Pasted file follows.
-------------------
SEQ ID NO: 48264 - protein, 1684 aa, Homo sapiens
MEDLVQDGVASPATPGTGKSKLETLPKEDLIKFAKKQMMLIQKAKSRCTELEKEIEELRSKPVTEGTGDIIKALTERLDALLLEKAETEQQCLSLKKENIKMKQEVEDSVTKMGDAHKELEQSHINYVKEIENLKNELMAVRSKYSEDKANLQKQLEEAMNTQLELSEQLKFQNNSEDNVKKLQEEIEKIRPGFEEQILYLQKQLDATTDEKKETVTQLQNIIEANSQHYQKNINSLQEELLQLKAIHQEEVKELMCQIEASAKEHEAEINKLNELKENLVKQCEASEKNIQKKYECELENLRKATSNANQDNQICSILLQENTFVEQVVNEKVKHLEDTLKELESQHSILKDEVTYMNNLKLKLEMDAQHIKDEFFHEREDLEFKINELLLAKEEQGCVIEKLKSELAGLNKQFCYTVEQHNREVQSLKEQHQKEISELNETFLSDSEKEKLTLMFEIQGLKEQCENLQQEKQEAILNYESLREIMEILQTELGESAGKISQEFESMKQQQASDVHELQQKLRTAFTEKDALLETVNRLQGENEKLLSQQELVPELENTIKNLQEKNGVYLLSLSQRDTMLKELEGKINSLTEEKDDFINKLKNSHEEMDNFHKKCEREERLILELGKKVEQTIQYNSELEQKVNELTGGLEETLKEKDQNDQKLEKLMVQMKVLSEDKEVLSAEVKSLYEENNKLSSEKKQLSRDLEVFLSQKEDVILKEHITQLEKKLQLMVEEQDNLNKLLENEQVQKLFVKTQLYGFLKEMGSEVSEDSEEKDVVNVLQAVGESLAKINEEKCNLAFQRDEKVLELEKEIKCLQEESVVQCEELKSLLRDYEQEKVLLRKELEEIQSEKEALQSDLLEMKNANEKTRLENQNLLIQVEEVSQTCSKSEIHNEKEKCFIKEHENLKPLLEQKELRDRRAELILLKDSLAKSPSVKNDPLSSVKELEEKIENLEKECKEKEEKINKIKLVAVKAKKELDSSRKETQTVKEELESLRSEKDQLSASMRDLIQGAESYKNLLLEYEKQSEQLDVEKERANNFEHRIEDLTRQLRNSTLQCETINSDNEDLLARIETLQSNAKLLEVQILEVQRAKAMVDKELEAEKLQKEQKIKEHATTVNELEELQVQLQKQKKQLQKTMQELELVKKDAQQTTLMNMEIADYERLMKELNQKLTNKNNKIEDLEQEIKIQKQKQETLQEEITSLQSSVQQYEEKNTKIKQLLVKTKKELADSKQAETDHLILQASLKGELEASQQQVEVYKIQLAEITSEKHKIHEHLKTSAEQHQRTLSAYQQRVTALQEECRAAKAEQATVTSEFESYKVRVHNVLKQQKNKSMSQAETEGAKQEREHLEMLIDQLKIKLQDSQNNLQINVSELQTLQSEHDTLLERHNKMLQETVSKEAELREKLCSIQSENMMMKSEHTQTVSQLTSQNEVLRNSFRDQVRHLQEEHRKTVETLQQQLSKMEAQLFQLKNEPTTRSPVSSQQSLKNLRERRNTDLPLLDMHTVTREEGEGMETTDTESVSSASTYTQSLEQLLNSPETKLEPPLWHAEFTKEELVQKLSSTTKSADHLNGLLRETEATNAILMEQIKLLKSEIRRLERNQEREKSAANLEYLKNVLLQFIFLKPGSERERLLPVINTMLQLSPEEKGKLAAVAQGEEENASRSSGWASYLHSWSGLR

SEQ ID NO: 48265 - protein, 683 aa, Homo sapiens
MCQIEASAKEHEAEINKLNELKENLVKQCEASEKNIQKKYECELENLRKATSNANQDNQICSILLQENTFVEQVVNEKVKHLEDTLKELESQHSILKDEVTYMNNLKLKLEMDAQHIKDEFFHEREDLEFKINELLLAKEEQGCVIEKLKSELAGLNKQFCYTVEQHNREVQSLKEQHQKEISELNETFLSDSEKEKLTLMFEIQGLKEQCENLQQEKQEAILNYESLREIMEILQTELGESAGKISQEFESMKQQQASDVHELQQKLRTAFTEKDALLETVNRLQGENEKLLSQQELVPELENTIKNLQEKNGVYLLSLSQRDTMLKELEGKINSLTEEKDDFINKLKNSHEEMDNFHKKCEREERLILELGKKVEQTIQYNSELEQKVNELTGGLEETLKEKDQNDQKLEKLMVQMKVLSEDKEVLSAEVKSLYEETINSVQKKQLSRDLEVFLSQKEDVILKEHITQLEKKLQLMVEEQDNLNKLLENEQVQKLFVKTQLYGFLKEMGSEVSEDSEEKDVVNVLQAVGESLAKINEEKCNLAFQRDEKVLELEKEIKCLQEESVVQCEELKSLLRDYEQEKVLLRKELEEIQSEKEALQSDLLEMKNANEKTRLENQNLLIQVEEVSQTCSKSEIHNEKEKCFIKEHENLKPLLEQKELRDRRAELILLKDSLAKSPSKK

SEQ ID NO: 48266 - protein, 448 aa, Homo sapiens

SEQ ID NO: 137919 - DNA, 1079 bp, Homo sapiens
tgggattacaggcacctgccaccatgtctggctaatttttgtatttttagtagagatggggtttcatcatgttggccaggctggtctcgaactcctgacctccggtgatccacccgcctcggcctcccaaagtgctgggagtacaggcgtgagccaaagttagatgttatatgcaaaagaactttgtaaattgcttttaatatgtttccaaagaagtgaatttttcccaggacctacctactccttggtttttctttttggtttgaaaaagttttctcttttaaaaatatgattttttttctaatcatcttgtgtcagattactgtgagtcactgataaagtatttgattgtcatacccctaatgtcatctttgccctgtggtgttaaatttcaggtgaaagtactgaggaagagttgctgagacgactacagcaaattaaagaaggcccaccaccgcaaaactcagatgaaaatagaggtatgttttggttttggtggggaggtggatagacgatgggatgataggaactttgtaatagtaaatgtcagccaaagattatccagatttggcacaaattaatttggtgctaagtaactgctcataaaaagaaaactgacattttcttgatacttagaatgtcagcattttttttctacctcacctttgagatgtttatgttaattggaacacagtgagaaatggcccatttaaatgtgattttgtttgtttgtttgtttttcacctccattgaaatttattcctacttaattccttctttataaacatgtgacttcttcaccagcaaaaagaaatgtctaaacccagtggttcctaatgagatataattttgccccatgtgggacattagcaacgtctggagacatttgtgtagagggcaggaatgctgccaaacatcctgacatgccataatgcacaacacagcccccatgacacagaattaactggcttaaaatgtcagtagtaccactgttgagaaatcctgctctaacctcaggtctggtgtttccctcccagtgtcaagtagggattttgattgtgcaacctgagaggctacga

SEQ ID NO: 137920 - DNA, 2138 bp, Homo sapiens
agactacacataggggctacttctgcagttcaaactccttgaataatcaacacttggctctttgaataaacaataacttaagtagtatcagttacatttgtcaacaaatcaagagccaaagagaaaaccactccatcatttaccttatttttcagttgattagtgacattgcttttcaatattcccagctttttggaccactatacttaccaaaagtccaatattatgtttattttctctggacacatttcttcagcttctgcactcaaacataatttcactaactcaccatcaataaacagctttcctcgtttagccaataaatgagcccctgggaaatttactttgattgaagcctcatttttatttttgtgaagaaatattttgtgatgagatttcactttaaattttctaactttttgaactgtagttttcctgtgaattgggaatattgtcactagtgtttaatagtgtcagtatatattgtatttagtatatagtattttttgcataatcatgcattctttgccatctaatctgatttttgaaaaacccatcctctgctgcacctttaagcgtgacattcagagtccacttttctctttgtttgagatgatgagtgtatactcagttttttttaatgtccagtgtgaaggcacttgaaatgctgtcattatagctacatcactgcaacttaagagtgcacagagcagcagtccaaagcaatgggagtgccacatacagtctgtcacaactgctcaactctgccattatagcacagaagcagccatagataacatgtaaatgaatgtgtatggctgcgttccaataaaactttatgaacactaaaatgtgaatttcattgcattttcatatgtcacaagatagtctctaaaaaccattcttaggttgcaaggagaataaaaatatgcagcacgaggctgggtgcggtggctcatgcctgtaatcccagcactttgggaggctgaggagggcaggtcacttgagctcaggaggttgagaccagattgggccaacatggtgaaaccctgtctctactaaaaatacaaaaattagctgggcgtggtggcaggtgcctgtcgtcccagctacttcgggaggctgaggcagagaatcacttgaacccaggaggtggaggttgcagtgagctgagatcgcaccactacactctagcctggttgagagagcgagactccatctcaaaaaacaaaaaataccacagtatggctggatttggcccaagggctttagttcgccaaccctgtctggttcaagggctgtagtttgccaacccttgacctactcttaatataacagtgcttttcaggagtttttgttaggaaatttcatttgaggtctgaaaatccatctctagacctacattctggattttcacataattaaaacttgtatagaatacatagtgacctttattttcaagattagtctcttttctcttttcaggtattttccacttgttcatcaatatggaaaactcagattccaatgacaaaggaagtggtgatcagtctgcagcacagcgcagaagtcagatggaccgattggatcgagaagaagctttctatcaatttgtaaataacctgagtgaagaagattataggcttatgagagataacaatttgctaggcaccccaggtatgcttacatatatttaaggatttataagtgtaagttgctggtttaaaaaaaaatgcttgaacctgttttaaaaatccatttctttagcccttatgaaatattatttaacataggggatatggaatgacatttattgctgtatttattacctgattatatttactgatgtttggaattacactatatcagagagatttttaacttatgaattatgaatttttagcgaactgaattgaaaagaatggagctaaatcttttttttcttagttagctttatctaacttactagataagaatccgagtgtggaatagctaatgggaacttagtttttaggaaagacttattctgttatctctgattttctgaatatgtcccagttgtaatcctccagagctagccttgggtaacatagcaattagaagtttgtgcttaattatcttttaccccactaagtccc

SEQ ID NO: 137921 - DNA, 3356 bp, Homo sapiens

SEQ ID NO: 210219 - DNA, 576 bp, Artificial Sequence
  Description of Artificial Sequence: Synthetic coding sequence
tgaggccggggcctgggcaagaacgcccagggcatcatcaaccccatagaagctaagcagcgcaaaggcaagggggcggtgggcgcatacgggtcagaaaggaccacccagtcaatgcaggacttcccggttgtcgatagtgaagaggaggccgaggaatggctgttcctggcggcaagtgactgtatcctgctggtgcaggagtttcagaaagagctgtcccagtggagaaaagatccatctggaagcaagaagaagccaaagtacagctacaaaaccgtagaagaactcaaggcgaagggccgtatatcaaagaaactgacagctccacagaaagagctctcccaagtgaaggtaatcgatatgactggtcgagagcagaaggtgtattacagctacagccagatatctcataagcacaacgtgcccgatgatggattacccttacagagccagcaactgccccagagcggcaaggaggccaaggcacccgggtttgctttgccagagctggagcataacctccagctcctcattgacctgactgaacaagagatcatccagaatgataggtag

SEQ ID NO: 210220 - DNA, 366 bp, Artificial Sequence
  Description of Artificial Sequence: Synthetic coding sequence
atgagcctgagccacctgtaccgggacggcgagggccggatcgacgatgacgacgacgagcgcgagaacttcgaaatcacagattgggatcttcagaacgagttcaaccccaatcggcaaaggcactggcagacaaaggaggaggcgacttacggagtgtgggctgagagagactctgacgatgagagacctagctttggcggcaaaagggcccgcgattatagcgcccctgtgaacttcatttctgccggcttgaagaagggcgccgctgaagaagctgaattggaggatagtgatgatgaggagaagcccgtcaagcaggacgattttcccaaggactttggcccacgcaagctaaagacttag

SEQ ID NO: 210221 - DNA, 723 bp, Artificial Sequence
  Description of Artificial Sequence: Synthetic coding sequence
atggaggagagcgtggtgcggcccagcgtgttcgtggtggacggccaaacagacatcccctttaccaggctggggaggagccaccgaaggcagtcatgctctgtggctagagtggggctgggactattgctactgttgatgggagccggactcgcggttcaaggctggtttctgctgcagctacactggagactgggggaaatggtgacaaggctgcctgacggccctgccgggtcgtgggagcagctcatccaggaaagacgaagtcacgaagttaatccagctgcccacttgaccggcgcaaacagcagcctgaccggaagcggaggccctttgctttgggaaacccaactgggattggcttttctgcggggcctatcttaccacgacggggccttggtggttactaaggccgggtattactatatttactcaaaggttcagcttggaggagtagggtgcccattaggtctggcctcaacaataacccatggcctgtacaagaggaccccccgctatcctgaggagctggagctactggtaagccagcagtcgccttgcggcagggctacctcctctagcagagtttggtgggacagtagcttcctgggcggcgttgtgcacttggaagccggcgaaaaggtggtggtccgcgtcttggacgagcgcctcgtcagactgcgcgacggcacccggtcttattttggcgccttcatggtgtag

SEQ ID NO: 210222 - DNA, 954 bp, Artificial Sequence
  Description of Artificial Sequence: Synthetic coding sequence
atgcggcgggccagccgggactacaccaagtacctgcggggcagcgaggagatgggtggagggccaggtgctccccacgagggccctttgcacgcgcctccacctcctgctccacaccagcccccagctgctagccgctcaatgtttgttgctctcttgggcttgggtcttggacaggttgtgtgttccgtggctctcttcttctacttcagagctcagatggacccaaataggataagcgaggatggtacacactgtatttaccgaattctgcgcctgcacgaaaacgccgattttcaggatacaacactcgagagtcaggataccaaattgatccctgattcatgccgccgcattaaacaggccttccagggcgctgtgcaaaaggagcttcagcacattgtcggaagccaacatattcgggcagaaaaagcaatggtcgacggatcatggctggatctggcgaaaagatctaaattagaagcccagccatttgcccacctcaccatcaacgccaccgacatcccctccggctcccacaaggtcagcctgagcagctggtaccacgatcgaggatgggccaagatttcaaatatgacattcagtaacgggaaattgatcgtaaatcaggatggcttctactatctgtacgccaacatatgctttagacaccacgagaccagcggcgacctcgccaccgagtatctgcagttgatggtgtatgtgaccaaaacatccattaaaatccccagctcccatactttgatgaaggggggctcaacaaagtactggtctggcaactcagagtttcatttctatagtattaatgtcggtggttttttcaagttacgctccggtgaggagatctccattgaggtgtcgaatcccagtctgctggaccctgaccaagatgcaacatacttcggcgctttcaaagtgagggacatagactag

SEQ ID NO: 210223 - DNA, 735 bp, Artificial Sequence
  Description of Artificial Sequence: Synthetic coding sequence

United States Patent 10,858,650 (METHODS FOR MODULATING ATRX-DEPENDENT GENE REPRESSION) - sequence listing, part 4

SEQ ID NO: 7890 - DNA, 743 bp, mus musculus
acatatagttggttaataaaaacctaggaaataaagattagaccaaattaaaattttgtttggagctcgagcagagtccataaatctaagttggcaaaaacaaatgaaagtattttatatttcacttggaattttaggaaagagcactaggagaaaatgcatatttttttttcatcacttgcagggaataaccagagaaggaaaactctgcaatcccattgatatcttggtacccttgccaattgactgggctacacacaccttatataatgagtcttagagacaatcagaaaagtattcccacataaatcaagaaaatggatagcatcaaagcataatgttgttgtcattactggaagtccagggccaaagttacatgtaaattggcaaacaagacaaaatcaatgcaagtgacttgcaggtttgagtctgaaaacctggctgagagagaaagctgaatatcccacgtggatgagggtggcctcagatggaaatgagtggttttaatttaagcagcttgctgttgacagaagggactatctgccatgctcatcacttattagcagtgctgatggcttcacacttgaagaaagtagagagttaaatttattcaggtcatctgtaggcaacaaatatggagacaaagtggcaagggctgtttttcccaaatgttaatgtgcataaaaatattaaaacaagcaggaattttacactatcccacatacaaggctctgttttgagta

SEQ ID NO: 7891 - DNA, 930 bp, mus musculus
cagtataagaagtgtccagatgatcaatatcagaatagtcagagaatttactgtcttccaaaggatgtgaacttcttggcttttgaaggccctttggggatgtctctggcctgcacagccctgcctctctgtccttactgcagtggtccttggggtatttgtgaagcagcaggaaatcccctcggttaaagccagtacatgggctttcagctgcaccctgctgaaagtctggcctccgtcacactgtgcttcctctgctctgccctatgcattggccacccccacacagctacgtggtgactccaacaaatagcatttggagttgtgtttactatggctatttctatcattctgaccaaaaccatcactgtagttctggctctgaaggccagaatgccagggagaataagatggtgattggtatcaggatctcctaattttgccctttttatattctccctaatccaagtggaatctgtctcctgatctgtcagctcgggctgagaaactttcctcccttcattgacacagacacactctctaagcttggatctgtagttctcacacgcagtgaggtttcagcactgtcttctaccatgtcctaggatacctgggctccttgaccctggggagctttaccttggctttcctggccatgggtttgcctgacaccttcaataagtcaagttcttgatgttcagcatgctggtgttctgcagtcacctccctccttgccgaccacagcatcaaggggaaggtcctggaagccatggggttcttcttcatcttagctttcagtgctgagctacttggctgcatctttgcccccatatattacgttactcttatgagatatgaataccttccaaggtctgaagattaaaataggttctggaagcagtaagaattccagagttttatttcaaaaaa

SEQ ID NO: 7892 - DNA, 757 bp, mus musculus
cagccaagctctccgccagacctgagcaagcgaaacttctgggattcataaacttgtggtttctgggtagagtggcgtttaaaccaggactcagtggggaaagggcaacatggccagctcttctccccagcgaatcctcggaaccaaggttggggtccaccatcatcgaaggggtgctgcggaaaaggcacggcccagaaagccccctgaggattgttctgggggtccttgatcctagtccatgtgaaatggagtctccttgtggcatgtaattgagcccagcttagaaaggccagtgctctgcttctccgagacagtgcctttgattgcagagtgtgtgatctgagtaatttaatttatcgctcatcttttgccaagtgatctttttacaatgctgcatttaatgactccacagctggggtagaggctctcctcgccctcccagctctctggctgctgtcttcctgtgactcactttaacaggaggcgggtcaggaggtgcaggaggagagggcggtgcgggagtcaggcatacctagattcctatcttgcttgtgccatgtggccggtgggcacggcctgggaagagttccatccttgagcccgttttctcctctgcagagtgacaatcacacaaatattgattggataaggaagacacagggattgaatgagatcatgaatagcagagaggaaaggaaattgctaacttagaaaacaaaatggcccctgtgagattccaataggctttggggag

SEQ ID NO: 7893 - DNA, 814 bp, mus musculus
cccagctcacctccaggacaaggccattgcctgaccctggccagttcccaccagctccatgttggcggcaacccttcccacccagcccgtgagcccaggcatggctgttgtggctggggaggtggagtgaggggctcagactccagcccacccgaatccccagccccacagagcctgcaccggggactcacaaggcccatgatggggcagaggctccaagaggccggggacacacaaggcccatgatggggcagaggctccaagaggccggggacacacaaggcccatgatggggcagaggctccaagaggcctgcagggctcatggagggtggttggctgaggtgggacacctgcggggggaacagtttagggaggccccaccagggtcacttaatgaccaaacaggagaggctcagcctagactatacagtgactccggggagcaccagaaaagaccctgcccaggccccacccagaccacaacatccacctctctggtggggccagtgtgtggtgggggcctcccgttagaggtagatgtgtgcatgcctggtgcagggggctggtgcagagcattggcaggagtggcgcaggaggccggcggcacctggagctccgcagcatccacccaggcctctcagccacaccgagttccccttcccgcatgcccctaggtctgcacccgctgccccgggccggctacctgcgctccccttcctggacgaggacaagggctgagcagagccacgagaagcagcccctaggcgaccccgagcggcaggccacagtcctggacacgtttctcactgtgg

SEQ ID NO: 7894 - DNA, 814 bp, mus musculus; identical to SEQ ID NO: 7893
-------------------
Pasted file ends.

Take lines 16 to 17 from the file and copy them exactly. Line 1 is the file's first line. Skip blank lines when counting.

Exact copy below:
atgagcctgagccacctgtaccgggacggcgagggccggatcgacgatgacgacgacgagcgcgagaacttcgaaatcacagattgggatcttcagaacgagttcaaccccaatcggcaaaggcactggcagacaaaggaggaggcgacttacggagtgtgggctgagagagactctgacgatgagagacctagctttggcggcaaaagggcccgcgattatagcgcccctgtgaacttcatttctgccggcttgaagaagggcgccgctgaagaagctgaattggaggatagtgatgatgaggagaagcccgtcaagcaggacgattttcccaaggactttggcccacgcaagctaaagacttag

SEQ ID NO: 210221 - DNA, 723 bp, Artificial Sequence